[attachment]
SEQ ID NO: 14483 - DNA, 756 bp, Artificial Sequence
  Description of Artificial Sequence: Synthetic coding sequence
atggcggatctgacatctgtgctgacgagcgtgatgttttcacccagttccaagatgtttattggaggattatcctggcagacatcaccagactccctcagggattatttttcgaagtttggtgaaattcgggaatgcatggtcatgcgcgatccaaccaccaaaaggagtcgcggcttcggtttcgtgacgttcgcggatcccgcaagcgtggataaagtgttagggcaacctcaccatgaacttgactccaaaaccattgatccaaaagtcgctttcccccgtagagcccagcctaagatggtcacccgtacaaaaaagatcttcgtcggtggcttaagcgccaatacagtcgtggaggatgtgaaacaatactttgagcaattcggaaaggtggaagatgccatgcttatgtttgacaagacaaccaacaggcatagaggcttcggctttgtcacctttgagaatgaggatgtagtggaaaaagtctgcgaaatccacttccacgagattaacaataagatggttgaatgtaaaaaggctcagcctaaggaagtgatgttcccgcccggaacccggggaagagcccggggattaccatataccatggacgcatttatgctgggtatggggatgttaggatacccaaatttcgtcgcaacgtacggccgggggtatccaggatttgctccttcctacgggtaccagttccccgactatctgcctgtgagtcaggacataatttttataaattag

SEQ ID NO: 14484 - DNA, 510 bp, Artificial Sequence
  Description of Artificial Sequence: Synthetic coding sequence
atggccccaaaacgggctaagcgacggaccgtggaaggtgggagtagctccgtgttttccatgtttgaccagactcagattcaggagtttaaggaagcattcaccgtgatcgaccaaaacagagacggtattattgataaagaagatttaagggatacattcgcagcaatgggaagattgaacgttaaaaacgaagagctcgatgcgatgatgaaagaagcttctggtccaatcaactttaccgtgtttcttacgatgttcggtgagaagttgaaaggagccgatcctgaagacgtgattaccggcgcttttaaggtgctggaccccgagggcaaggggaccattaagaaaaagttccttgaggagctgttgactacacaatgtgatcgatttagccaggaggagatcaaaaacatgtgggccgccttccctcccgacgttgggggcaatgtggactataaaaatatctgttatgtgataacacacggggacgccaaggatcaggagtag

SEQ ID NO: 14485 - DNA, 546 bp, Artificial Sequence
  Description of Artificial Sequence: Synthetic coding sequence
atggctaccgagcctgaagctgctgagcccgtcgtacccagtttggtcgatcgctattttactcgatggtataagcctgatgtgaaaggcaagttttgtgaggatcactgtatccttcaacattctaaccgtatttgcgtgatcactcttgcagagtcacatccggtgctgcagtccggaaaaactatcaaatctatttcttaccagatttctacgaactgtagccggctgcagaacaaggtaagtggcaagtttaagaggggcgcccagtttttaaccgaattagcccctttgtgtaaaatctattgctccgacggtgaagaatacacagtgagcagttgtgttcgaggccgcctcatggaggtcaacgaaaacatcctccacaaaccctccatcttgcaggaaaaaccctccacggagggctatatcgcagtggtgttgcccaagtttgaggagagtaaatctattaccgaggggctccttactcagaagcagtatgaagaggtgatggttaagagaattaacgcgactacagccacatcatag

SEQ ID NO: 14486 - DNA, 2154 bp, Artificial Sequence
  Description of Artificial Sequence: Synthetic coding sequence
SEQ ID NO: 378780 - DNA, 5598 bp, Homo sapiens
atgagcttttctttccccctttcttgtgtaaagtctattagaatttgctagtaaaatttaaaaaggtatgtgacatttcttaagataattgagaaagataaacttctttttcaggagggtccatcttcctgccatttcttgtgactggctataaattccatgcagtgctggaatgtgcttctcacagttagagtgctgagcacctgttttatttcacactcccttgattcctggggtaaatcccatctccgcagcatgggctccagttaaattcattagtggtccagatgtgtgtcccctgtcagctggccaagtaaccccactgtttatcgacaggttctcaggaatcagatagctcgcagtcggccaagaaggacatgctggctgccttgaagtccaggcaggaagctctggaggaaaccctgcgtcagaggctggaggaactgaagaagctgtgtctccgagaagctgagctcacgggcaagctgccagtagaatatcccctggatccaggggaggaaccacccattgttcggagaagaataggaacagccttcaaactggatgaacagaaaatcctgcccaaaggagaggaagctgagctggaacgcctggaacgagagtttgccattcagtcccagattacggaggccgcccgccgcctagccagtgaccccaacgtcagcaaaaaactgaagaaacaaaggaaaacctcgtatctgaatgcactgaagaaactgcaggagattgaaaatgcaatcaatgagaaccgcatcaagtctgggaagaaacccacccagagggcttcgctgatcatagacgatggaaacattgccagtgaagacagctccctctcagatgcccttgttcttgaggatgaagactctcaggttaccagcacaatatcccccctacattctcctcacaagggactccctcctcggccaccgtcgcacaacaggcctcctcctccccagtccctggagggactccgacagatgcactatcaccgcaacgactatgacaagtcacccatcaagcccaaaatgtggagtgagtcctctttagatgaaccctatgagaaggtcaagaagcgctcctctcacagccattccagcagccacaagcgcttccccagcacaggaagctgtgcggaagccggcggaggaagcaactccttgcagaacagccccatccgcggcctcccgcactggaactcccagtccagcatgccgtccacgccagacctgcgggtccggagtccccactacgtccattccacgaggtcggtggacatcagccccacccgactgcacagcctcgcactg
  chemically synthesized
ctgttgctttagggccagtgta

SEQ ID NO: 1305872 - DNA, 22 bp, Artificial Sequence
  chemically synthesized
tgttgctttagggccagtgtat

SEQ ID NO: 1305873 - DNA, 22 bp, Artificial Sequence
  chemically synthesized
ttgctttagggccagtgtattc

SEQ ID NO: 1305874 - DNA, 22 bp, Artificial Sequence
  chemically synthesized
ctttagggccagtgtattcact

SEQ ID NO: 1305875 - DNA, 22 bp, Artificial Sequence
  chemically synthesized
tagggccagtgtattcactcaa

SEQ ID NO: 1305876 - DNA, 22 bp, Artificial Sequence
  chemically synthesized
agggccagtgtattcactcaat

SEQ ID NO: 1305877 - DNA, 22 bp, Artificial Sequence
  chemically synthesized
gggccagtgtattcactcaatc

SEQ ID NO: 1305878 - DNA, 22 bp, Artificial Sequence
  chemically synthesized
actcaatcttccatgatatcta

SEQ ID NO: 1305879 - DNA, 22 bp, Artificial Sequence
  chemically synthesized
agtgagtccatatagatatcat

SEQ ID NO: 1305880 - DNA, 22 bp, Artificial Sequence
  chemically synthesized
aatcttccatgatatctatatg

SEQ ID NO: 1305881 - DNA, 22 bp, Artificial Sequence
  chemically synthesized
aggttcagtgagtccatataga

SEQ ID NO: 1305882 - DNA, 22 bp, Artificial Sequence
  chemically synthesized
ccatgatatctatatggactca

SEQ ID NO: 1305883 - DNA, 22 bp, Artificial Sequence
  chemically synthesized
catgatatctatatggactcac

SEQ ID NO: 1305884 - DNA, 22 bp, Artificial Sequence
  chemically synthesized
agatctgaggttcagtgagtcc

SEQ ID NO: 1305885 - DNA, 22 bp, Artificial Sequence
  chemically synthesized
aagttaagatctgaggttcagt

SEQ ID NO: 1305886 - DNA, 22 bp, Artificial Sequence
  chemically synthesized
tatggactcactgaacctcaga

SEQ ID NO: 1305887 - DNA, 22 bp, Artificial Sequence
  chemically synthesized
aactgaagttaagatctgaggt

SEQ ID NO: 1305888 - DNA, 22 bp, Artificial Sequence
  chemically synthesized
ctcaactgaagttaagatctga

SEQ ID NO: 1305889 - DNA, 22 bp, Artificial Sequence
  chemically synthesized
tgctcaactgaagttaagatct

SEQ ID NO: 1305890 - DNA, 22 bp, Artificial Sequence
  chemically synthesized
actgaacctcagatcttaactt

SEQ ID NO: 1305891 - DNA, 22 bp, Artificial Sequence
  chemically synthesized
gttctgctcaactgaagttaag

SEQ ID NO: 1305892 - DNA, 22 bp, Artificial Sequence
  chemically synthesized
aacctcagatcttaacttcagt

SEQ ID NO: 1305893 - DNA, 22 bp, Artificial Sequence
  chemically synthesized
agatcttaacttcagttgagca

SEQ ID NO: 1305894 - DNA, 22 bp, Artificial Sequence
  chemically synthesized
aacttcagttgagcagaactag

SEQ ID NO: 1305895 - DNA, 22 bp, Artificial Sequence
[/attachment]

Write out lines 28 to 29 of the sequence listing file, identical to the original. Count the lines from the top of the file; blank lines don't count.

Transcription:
SEQ ID NO: 1305876 - DNA, 22 bp, Artificial Sequence
  chemically synthesized